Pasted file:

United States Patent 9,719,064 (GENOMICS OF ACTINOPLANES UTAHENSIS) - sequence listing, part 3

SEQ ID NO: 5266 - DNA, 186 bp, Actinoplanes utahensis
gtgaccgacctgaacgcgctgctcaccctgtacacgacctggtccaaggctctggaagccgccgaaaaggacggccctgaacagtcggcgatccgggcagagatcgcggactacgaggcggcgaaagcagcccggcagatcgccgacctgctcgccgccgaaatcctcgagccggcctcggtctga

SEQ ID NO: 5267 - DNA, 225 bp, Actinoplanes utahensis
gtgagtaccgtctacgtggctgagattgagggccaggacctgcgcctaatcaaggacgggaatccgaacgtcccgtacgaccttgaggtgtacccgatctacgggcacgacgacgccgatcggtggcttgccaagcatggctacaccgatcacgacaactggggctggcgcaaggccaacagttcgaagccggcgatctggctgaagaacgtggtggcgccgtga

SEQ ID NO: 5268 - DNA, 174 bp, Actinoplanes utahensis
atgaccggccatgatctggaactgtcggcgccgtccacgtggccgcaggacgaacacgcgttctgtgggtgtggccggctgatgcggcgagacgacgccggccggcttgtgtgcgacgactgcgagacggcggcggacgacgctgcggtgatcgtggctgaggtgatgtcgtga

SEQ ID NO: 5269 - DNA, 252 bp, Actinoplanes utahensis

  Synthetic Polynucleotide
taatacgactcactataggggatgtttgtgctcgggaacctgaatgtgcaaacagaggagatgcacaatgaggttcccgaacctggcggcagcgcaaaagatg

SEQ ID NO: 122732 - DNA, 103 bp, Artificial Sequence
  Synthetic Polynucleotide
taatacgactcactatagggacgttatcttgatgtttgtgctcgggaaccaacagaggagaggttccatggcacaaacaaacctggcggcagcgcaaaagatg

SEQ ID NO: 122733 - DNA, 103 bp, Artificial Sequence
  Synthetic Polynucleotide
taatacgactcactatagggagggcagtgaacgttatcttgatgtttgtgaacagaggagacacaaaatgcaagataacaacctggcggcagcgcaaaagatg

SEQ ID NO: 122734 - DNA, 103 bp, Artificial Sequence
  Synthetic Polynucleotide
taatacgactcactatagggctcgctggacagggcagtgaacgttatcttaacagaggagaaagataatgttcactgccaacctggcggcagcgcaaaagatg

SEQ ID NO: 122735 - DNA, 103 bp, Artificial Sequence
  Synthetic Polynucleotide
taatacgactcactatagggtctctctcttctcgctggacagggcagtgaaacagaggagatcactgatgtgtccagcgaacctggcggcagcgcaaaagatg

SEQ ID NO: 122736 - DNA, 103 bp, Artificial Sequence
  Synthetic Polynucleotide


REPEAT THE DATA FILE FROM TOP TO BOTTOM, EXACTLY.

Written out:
United States Patent 9,719,064 (GENOMICS OF ACTINOPLANES UTAHENSIS) - sequence listing, part 3

SEQ ID NO: 5266 - DNA, 186 bp, Actinoplanes utahensis
gtgaccgacctgaacgcgctgctcaccctgtacacgacctggtccaaggctctggaagccgccgaaaaggacggccctgaacagtcggcgatccgggcagagatcgcggactacgaggcggcgaaagcagcccggcagatcgccgacctgctcgccgccgaaatcctcgagccggcctcggtctga

SEQ ID NO: 5267 - DNA, 225 bp, Actinoplanes utahensis
gtgagtaccgtctacgtggctgagattgagggccaggacctgcgcctaatcaaggacgggaatccgaacgtcccgtacgaccttgaggtgtacccgatctacgggcacgacgacgccgatcggtggcttgccaagcatggctacaccgatcacgacaactggggctggcgcaaggccaacagttcgaagccggcgatctggctgaagaacgtggtggcgccgtga

SEQ ID NO: 5268 - DNA, 174 bp, Actinoplanes utahensis
atgaccggccatgatctggaactgtcggcgccgtccacgtggccgcaggacgaacacgcgttctgtgggtgtggccggctgatgcggcgagacgacgccggccggcttgtgtgcgacgactgcgagacggcggcggacgacgctgcggtgatcgtggctgaggtgatgtcgtga

SEQ ID NO: 5269 - DNA, 252 bp, Actinoplanes utahensis

  Synthetic Polynucleotide
taatacgactcactataggggatgtttgtgctcgggaacctgaatgtgcaaacagaggagatgcacaatgaggttcccgaacctggcggcagcgcaaaagatg

SEQ ID NO: 122732 - DNA, 103 bp, Artificial Sequence
  Synthetic Polynucleotide
taatacgactcactatagggacgttatcttgatgtttgtgctcgggaaccaacagaggagaggttccatggcacaaacaaacctggcggcagcgcaaaagatg

SEQ ID NO: 122733 - DNA, 103 bp, Artificial Sequence
  Synthetic Polynucleotide
taatacgactcactatagggagggcagtgaacgttatcttgatgtttgtgaacagaggagacacaaaatgcaagataacaacctggcggcagcgcaaaagatg

SEQ ID NO: 122734 - DNA, 103 bp, Artificial Sequence
  Synthetic Polynucleotide
taatacgactcactatagggctcgctggacagggcagtgaacgttatcttaacagaggagaaagataatgttcactgccaacctggcggcagcgcaaaagatg

SEQ ID NO: 122735 - DNA, 103 bp, Artificial Sequence
  Synthetic Polynucleotide
taatacgactcactatagggtctctctcttctcgctggacagggcagtgaaacagaggagatcactgatgtgtccagcgaacctggcggcagcgcaaaagatg

SEQ ID NO: 122736 - DNA, 103 bp, Artificial Sequence
  Synthetic Polynucleotide